In our first blog post of this 4 part series we covered one of the original ‘isms’ with Skeuomorphism, and now we’re moving into more modern trends with a look at Interactive design. What is Interactive Design and how can it work for you?
Our main aim as designers is to create something that engages with the audience. As a result, we have minimal time from when a user lands on a site to grab their attention. Under 15 seconds is the average time spent on a site. So how does Interactive design help us achieve this?
Well, first, let us cover what Interactive design is. It is the design of interaction between a user and a product. That sounds pretty broad, but it includes motion, sound and space elements. It might sound similar to UX design and is not far removed. However, UX focuses on how we use a product, whereas interactive design focuses on the experience and interaction of that product and the user.
As designers, we should use interactive design to ease a user's experience and keep it efficient. It's also great for creating a fun and new experience for a user that they will remember and likely want to return.
The best examples of interaction design should either respond to or guide the user's journey using animations, videos or scrolling. Scrolling used to be a big no-no, but it's now more favourable than clicking a 'next' button. As we're all spending more time on our phones, scrolling has become almost second nature meaning we have become accustomed to scrolling to discover content. However, no one will keep scrolling if it's not engaging.
This site is an excellent example of a scrolling interaction.
Scrolling parallax and a good sense of humour keep the user engaged until the end when they add their CTA.
This site uses the scroll to take the user on a journey and explain their product with animations and content that come in as you scroll, making the user feel they are part of the experience. We go from vertical to horizontal scrolling and include clever use of background hover to give it a video game feel.
Other great ways of using interactive design include sights like this:
They are taking the user on a journey using animations and asking them to select multiple options for their unique trainer chosen for them based on their selections.
Another great example is giving the user tips but only when they click around the site:
It’s worth remembering that even subtle interaction design can make a difference, take, for example, this notification design making it feel more urgent and appealing to click just with a bit of animation.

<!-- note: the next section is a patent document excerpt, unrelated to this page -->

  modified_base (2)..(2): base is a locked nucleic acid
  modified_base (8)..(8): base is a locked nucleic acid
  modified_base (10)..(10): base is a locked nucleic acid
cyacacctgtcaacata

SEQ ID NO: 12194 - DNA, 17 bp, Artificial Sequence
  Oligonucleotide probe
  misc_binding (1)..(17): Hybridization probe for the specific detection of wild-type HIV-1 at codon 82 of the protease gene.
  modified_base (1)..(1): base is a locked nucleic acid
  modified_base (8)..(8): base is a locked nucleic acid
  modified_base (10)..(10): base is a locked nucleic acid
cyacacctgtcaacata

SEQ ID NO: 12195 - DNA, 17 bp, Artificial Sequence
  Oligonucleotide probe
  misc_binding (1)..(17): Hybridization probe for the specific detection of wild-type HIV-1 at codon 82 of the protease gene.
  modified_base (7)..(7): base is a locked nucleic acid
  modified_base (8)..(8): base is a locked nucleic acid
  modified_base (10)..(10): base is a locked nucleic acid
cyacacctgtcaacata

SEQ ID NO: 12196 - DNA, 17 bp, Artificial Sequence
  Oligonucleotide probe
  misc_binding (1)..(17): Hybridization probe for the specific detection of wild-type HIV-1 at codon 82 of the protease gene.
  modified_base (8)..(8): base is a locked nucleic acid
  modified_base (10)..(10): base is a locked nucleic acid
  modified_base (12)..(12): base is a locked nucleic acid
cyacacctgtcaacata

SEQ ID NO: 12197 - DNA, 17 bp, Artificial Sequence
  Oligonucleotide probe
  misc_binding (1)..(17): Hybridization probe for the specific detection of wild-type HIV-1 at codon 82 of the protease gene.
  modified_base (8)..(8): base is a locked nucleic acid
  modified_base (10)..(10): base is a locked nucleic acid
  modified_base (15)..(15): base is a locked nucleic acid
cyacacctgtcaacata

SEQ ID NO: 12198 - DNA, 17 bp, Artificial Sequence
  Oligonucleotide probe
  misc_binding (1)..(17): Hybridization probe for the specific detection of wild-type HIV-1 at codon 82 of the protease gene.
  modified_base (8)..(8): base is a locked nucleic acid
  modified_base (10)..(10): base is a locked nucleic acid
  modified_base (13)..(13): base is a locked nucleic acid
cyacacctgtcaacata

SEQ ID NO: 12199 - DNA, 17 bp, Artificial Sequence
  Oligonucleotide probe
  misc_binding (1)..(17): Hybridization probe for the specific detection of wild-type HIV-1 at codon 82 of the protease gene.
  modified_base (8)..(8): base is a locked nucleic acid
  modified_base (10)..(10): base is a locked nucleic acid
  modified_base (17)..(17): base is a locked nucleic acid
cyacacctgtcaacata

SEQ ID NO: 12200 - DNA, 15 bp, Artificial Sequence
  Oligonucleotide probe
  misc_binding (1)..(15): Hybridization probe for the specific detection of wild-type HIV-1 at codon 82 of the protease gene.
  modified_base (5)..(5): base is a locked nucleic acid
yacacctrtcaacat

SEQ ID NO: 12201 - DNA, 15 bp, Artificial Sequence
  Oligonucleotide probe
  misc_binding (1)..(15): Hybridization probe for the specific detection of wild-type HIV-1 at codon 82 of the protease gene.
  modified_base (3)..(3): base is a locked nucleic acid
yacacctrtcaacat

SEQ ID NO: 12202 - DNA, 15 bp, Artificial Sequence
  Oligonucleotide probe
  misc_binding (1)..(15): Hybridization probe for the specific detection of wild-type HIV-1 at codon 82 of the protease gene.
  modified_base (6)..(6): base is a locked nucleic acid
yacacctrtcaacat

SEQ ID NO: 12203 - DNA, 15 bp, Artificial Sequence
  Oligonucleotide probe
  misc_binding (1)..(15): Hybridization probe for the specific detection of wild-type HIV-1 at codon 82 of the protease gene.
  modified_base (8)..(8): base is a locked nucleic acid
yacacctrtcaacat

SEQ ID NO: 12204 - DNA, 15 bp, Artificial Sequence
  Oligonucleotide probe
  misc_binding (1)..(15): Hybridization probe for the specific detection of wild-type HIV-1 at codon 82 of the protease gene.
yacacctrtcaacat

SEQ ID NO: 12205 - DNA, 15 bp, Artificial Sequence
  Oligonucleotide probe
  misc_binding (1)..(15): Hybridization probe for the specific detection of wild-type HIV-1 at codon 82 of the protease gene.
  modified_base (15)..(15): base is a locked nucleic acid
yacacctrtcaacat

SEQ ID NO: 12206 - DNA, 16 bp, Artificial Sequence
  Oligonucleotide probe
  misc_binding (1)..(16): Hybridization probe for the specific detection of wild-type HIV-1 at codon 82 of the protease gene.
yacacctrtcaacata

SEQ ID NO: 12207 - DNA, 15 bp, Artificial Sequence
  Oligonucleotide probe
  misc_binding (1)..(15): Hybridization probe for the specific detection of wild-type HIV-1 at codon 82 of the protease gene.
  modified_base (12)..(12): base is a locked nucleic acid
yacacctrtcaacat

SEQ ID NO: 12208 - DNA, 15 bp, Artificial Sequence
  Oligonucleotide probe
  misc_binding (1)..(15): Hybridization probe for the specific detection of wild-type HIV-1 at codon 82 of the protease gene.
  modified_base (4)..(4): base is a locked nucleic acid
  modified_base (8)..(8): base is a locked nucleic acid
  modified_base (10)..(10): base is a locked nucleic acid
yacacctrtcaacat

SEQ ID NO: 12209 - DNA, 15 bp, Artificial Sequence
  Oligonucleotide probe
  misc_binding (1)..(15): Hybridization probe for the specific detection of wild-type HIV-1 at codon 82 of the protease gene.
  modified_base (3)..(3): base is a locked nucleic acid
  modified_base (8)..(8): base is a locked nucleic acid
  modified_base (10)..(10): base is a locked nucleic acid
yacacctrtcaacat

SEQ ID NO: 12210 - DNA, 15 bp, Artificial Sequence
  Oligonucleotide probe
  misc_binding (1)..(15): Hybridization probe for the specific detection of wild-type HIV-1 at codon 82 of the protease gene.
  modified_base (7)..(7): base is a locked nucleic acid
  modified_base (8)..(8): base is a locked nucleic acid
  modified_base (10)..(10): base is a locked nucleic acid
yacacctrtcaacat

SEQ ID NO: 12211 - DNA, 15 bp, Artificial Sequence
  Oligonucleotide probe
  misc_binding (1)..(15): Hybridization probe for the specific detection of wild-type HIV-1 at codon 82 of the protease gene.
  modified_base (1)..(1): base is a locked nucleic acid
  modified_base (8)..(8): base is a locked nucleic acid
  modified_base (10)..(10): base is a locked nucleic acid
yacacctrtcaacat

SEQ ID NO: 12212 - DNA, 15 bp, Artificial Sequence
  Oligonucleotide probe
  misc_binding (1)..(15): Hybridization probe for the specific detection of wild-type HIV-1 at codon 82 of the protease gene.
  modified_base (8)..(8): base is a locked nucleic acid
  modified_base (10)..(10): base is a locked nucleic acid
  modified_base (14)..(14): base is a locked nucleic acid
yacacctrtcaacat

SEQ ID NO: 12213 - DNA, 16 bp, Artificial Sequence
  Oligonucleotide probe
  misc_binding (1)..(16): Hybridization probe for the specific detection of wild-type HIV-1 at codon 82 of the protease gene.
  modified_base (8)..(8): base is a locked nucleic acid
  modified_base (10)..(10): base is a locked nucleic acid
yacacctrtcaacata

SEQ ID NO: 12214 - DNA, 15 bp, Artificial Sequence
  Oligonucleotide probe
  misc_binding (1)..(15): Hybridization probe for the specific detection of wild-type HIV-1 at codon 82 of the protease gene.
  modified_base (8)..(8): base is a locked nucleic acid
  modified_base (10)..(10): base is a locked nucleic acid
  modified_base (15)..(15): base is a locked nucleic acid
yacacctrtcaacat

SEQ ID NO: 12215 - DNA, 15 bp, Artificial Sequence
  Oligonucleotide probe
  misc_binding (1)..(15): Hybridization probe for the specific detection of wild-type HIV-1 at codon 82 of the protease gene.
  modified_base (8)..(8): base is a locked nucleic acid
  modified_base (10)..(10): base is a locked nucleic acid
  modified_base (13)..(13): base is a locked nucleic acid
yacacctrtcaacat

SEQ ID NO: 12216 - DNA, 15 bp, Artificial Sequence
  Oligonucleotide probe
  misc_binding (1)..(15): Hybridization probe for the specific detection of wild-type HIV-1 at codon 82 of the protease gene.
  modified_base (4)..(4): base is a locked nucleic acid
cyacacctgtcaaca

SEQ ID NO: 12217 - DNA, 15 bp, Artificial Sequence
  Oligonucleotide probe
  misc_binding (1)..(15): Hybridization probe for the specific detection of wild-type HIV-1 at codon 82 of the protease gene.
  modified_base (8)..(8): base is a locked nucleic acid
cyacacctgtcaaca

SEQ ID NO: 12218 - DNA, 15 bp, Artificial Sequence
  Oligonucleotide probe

Or these icon-selected states, making the user feel more secure and accomplished with their selection perhaps.
The new trend for interactive design in 2023 is perhaps unsurprisingly 3D interaction which we've already seen a little of on the Nike site. Using 3D renderings gives a website an authentic touch, and it appears to be spreading. Whilst I have mainly argued that an e-commerce site should be kept simple, I can't deny that Gucci's creation of something like this does give the product a far superior feel. Whilst allowing me to see the whole bag in rotation and select different colours, it certainly brings internet shopping into the year 2023, and I stayed on that page for longer than 15 seconds.
This site uses a mix of scrolling and beautiful 3D renders to show off their products that are ironically non-physical products.
This site's use of animation straight off the bat for their logo is clever, changing from an icon-looking speaker to forming the word HALO that appears to vibrate. It then uses a scroll to describe the product and eventually shows off the actual product with a 3D render.
And look, if I am honest, I am not entirely sure what the point of this site is, but I know that I played around with it for far too long, and I love my blob. So there we are. Blobmixer
It’s safe to say interacting with 3D elements is fun, and it is undoubtedly engaging, creating a real fascination from the audience. These elements mixed with interactive design create a feeling of curiosity for the user, and it’s hard to click away in fear you’ll miss something even more exhilarating. And it can be used for good, for instance, on this site which helps a user visualise what their day-to-day actions mean to air pollution.
I am excited about this trend in 3D design and can't wait to see where it goes. As we continue to explore the limitless potential, I can't help but wonder what innovations are on the horizon.
The design world is a fast paced one and there are always new technologies out there but it's always good to know what tools others are using to help them or inspire their work. Our designer Becky shares her current top 5 tools that help or inspire her ✌️.
What is Skeuomorphism and how it's developed?
This blog post is the first in a 4 part blog series in which I will cover design trends from the 80's Skeuomorphism to today's re-emerging Y2K designs. It's always interesting to see how and why some trends stay or don't. And perhaps why some trends drip on through all eras. We'll also look at some truly inspirational work which will hopefully inspire.
What is Claymorphism and how can you create the look?
In this 4 part series, we have previously covered Skeuomorphism and Interactive design, and now we're going to look at another modern trend, another 'ism' Claymorphism. If you've not read this series's two previous blog posts, why not check them out? If not, here's a brief run-through of these trends and how we got here.